Well the good news is that it’s super easy. We simply had to add a snippet of code to the area of the website we wanted to run the survey across. Luckily for us at JustGiving we have a number of micro services so setting it up for our chosen domain was a pretty simple story and then it was just a case of setting up the NPS survey, applying some rules such as when, where and how often to serve the survey and then telling it which sub domain we wanted to restrict it to, if any.


Early results

The initial result was that we blew away our previous survey sample sizes after just 3 days of running the survey. 1k results after 10 days, compared to normally 250-300 results per quarter via the previous emailed approach is quite a return! Our Charity Account is a place that charities regularly log in to in order to manage their JustGiving account and so we were able to reach them at the most relevant time.

So what’s so good about all this to date?

  • Qualaroo is fast and easy to implement and tweak so it’s a relatively cheap and effective way to test your company’s appetite for online NPS tracking.
  • You can track incoming results by user in real time and act accordingly (as a result of this we have reached out to a handful of customers to address particular issues they raised). Surprise and delight!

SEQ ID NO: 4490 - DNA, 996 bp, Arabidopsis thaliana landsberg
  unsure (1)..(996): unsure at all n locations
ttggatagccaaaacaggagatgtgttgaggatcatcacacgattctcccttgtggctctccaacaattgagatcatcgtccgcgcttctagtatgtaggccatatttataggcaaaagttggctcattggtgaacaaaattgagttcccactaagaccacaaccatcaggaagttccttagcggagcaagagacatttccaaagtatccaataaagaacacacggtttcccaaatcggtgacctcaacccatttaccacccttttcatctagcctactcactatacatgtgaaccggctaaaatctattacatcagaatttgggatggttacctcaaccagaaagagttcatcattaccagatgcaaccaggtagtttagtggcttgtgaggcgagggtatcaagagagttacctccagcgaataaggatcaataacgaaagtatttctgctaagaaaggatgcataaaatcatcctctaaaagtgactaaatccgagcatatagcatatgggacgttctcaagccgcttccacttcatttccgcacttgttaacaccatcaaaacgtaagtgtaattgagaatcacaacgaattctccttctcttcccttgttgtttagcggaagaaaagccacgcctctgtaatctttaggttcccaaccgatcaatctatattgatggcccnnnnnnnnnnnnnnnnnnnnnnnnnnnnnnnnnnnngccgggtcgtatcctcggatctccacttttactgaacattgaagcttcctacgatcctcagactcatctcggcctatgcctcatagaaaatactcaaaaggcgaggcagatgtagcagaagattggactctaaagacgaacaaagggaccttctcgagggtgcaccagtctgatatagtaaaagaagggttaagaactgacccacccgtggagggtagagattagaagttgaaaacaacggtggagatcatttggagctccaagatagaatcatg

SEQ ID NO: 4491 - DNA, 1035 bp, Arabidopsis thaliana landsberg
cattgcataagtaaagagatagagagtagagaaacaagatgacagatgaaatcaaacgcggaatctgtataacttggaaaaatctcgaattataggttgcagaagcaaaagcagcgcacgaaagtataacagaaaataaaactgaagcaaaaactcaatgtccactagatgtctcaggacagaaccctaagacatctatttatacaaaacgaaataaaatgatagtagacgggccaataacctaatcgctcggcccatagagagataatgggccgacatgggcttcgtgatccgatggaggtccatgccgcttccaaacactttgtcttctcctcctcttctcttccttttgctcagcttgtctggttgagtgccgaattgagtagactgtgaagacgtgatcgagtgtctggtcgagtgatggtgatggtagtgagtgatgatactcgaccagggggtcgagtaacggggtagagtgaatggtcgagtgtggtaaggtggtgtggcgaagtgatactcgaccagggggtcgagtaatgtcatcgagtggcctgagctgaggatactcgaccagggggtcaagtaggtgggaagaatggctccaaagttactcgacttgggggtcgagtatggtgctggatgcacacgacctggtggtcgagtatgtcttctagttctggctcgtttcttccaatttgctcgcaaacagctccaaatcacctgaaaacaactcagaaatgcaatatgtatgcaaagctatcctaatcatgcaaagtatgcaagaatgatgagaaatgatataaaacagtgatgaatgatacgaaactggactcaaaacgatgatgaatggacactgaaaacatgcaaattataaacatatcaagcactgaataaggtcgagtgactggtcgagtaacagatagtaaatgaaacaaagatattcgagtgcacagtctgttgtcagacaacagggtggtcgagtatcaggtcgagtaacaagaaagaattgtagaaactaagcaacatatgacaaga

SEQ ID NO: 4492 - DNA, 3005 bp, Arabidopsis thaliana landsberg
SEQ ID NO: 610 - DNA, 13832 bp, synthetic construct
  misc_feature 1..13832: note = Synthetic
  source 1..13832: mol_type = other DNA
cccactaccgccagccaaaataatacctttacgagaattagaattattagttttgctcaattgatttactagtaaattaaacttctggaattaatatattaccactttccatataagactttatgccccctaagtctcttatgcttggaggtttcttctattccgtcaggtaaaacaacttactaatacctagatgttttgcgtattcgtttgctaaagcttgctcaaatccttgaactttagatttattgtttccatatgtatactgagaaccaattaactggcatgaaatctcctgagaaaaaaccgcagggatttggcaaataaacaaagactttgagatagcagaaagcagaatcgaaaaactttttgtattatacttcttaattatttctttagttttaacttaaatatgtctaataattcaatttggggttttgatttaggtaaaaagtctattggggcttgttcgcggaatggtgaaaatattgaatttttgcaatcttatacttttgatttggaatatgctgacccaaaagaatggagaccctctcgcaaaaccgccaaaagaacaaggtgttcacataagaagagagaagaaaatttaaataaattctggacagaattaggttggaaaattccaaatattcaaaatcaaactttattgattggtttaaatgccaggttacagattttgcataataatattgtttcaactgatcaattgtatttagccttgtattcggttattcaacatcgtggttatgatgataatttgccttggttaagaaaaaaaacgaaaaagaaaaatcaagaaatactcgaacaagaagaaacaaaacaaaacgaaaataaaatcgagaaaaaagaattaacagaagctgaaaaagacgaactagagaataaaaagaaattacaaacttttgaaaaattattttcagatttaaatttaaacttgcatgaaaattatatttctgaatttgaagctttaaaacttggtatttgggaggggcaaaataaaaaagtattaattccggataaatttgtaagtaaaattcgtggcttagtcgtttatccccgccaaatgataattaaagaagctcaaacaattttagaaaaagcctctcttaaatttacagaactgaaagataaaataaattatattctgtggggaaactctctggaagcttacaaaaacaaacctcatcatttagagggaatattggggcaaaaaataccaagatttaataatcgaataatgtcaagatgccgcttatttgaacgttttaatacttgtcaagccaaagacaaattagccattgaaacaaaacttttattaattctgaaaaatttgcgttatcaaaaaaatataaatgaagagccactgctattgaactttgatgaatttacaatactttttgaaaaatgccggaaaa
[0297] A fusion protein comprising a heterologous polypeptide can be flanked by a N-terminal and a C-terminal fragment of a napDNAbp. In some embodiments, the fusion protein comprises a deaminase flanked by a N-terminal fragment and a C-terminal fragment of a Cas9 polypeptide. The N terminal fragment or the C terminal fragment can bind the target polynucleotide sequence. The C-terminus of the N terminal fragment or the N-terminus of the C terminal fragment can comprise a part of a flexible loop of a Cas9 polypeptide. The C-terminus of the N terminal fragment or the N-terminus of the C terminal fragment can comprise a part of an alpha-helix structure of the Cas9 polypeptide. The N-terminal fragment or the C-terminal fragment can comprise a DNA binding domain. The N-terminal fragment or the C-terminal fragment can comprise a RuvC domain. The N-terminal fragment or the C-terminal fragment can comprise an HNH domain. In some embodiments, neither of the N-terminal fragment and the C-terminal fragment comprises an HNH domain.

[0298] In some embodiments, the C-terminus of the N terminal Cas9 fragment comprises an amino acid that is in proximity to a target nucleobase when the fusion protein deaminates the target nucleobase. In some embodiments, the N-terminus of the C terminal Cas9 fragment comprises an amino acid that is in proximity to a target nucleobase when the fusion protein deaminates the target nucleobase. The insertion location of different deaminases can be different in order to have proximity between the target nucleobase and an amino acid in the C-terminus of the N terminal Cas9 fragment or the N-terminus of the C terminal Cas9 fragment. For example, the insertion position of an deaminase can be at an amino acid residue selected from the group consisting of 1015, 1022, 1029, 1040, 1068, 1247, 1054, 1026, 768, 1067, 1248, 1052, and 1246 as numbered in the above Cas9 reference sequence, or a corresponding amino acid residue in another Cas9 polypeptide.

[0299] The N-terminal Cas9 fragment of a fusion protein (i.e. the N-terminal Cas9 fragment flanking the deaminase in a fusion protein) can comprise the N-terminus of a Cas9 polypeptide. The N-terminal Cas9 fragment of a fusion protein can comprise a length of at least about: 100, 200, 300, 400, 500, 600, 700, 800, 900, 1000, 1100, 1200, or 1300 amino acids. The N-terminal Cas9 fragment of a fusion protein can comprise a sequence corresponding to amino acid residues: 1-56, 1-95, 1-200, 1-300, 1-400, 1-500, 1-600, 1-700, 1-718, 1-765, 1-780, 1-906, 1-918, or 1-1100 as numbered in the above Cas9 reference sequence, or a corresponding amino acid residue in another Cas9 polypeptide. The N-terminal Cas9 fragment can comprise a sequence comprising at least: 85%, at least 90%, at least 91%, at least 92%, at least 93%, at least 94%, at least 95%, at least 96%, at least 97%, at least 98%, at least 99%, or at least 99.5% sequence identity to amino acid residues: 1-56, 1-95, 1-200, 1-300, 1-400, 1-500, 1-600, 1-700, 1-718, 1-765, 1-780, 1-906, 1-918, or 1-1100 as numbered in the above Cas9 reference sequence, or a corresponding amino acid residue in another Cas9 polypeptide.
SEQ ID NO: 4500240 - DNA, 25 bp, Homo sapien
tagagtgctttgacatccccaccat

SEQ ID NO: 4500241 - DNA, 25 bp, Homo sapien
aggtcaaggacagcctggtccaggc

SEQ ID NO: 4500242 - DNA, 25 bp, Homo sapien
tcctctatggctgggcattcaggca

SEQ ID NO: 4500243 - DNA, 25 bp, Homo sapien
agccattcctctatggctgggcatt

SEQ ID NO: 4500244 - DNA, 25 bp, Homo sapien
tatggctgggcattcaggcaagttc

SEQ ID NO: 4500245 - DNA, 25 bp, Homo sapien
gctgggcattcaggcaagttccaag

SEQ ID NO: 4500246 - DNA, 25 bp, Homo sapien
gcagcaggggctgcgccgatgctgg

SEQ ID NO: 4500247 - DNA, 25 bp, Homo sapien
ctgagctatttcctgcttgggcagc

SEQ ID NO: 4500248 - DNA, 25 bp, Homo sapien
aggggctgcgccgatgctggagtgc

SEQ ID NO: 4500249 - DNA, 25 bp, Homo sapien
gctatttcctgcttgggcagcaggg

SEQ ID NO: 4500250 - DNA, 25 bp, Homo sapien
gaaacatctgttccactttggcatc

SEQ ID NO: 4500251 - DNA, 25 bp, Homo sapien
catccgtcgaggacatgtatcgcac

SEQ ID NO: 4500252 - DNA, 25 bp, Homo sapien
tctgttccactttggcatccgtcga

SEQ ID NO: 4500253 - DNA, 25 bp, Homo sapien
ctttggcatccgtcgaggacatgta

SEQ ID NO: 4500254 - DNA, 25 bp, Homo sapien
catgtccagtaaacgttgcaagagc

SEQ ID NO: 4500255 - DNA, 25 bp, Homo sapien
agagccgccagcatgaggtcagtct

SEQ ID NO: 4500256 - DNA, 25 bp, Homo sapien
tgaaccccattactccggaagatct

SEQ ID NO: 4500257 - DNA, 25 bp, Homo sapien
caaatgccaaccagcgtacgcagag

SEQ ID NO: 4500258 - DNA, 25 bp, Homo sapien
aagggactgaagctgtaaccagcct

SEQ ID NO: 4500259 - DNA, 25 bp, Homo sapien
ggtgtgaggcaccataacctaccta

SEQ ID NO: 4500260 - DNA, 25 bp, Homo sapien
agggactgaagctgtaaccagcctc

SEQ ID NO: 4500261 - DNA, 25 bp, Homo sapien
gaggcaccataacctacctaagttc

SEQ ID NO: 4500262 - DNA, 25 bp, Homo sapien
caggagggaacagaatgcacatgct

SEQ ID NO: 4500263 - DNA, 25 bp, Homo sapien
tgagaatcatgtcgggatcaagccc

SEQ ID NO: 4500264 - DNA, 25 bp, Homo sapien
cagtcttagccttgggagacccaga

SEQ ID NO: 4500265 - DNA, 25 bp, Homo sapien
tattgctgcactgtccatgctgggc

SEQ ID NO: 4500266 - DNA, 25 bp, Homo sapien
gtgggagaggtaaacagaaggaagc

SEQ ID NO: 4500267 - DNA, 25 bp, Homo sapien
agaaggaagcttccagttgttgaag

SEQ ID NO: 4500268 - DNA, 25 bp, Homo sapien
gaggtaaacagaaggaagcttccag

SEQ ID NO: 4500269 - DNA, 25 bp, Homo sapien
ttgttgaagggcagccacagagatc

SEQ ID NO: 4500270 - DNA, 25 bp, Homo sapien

• Editing the survey on the fly is super easy and updates are instantly applied. No awkward typos for us!
  • Additional you can brand the survey to match your website’s look and feel plus control where on the page the survey appears. You’re in control.
  • There is a really nice integration with Slack which pipes results into a specific channel. As a result we are now exposing our results to a much wider audience across the JustGiving office. Transparency rules.
  • It’s mobile optimised with a nice and simple UI.
  • You can identify users by their email and logged in GUID and then push their responses into SalesForce – although we’ve not yet turned this particular feature on.
  • You can filter responses by OS/Browser type which is useful for identifying any particular discrepancy in your product across Chrome, Firefox, Safari etc.
  • You can also add non NPS questions such as “what one thing can we do today to improve your experience” which is giving us rich product feedback that we had to previously wait weeks to unearth. Speed matters.


So far so good. We’ve learnt a lot over a very short time but now the challenge is to make this a regular means of measurement that doesn’t overly upset or annoy our users (some of the feedback received is that they hate “this annoying pop up”). That’s something we are still working on but it’s worth ending with the suggestion that NPS is a merely a useful starting point for any product manager.

It will help certainly help you spot trends in customer satisfaction and then hopefully you’ll be equipped to ask the right questions of both your users and ultimately your roadmap. Qualaroo is just one means to achieving this but there are plenty of other solutions available to you. We’d love to hear what you are using in the comments section below.

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About the author

Jamie Parkins

Product Manager, Evangelist and all things API